Customers are important intangible assets [1
] and sources of profits of the firms [5
]. As an important supplement to corporate financial indicators, customer equity (CE) and its derivative indicator, customer equity sustainability ratio (CESR), are measurements of the financial status of a firm’s customers and thus clearly reflect the future development trend and growth potential of the firm [6
]. Customer equity has thus become an important reference for investment decisions and this concept has established its important position in both the academic and industry field [7
Customer equity reflects the value of customers and is closely associated with the customer lifetime value (CLV). CLV refers to the net present value of profits that a customer can bring to a firm during his or her entire life of transactions with the firm [10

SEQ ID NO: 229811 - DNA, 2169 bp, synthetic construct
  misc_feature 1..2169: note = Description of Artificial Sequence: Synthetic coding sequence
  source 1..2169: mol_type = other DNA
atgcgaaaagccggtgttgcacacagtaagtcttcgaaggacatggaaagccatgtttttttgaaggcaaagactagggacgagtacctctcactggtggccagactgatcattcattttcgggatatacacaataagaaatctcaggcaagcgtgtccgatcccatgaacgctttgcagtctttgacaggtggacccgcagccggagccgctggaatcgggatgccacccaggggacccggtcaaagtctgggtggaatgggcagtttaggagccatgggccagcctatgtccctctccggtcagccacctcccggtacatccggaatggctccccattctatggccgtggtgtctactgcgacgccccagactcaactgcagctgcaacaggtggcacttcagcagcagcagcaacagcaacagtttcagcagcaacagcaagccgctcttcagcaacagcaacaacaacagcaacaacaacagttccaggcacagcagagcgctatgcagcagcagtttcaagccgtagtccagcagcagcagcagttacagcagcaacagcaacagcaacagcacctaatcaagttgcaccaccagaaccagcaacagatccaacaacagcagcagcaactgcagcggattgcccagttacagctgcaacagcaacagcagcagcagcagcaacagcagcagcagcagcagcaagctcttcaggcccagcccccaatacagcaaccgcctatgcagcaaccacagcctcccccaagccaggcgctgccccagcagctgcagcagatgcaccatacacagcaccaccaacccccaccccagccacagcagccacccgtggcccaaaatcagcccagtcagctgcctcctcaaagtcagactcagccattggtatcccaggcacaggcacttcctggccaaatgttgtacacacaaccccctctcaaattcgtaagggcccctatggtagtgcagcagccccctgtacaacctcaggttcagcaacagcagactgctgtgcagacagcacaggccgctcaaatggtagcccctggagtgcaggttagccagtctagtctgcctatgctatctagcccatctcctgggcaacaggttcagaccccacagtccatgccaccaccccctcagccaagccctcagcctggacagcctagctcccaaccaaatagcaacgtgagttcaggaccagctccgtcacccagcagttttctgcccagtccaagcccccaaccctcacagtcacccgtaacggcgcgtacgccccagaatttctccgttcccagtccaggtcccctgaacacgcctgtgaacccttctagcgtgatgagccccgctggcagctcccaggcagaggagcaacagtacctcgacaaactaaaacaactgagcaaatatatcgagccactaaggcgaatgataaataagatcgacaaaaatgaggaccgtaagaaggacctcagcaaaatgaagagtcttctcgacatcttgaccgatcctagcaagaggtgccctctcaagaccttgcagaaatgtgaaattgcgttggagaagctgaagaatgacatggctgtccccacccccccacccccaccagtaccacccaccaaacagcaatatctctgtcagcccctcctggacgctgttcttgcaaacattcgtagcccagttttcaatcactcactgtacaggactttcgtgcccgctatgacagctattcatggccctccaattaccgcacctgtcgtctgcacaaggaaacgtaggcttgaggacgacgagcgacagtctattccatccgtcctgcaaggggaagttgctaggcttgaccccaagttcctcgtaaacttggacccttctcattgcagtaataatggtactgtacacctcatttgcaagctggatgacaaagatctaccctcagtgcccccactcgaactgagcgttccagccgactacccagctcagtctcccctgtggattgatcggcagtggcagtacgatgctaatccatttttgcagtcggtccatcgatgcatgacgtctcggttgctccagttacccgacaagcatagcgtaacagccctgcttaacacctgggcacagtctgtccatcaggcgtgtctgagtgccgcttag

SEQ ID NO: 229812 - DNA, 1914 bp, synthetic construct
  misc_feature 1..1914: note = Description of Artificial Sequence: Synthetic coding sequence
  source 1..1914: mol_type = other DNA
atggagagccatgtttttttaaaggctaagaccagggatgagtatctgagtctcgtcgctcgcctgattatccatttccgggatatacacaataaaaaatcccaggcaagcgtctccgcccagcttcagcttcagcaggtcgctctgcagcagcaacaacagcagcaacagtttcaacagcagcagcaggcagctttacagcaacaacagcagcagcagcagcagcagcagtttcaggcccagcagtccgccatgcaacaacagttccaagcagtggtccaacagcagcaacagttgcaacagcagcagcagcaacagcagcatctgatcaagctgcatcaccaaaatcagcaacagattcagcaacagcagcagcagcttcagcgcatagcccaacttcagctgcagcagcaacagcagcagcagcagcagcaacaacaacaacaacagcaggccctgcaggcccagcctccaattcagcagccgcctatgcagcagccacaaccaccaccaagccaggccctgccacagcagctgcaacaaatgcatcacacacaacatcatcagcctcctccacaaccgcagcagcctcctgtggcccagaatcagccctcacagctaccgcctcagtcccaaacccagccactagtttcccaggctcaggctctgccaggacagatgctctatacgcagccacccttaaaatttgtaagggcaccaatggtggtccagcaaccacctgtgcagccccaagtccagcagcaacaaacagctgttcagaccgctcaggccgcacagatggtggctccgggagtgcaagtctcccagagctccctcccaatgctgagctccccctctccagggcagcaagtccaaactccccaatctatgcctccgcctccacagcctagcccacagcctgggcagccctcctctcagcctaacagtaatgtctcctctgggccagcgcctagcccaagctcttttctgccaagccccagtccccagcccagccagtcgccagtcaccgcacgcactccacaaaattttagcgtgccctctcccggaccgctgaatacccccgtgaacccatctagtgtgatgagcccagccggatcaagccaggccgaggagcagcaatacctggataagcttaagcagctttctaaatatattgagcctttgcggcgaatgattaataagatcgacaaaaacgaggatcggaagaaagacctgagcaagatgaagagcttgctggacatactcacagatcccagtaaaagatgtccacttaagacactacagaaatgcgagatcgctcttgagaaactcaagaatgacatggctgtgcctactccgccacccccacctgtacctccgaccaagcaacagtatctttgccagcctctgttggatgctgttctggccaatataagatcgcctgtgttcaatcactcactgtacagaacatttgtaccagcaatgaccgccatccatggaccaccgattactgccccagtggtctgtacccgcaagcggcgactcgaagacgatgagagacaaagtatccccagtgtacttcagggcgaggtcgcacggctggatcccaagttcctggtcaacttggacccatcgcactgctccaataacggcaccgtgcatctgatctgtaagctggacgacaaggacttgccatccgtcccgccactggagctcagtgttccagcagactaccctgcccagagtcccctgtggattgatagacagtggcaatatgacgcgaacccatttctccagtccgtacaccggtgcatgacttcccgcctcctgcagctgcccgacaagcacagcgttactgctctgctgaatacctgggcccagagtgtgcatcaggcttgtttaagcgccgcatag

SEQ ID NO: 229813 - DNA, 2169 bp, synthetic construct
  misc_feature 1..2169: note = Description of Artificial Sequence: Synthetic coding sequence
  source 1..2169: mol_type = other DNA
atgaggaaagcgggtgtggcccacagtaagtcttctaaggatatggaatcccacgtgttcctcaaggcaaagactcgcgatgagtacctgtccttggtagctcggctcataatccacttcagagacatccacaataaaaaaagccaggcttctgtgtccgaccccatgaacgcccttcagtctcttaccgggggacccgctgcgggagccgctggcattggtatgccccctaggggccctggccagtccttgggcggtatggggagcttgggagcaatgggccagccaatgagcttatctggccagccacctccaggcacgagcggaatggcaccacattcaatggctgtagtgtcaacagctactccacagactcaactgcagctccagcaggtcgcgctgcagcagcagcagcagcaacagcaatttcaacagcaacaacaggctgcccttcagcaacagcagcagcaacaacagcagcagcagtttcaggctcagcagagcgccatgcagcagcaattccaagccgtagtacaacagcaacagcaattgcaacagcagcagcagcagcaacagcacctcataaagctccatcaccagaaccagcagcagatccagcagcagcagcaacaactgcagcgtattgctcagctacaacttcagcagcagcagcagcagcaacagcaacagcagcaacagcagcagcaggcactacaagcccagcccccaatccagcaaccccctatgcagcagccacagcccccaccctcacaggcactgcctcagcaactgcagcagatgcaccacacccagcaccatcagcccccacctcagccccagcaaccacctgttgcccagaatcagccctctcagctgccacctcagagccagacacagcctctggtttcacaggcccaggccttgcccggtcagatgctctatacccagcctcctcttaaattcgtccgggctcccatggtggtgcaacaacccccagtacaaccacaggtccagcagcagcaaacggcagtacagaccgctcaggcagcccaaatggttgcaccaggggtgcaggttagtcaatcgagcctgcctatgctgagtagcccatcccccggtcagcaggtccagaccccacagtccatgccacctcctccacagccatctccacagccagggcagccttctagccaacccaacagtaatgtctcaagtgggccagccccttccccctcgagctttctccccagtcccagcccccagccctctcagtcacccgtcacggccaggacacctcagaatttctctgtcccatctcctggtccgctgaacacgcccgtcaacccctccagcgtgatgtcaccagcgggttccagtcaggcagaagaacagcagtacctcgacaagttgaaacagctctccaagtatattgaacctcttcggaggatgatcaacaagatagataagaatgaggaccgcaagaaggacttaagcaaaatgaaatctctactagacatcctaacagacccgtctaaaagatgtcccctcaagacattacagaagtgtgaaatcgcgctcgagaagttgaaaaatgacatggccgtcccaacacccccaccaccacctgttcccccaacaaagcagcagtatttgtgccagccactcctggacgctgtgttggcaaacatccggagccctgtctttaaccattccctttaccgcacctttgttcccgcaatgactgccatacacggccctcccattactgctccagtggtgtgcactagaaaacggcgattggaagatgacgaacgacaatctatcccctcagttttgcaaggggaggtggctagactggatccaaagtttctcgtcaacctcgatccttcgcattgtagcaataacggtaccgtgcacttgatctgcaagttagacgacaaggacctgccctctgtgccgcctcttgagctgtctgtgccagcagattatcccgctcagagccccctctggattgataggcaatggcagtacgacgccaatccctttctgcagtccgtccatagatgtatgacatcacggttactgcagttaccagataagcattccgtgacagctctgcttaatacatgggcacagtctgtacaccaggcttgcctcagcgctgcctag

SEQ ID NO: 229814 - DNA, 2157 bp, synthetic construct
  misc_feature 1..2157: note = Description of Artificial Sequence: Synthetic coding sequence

]. Customer equity is then defined as the sum of the lifetime value for all customers of the firm [2
]. Skiera, Bermes, and Horn [13
] further proposed the concept of customer equity sustainability ratio (CESR), which is defined as the ratio of a customer’s (or all customers’) future CLV (or CE) to the customer’s (or their) total CLV (or CE). The definitions of major concepts and their abbreviations are shown in Table A1
in the Appendix A
. Customer equity is a forward-looking indicator that measures the future profits generated by the customers and therefore it can provide a reference foundation for firms to allocate marketing resources and formulate value-based marketing strategies [1
]. Although customer equity plays an important role in terms of either the disclosure of stakeholder information [13
] or the allocation of marketing resources [1
], the accurate prediction of customer equity remains a difficulty in research [3
]. Many researchers have conducted in-depth studies and explorations of the measurement of customer equity under different scenarios using different data sources.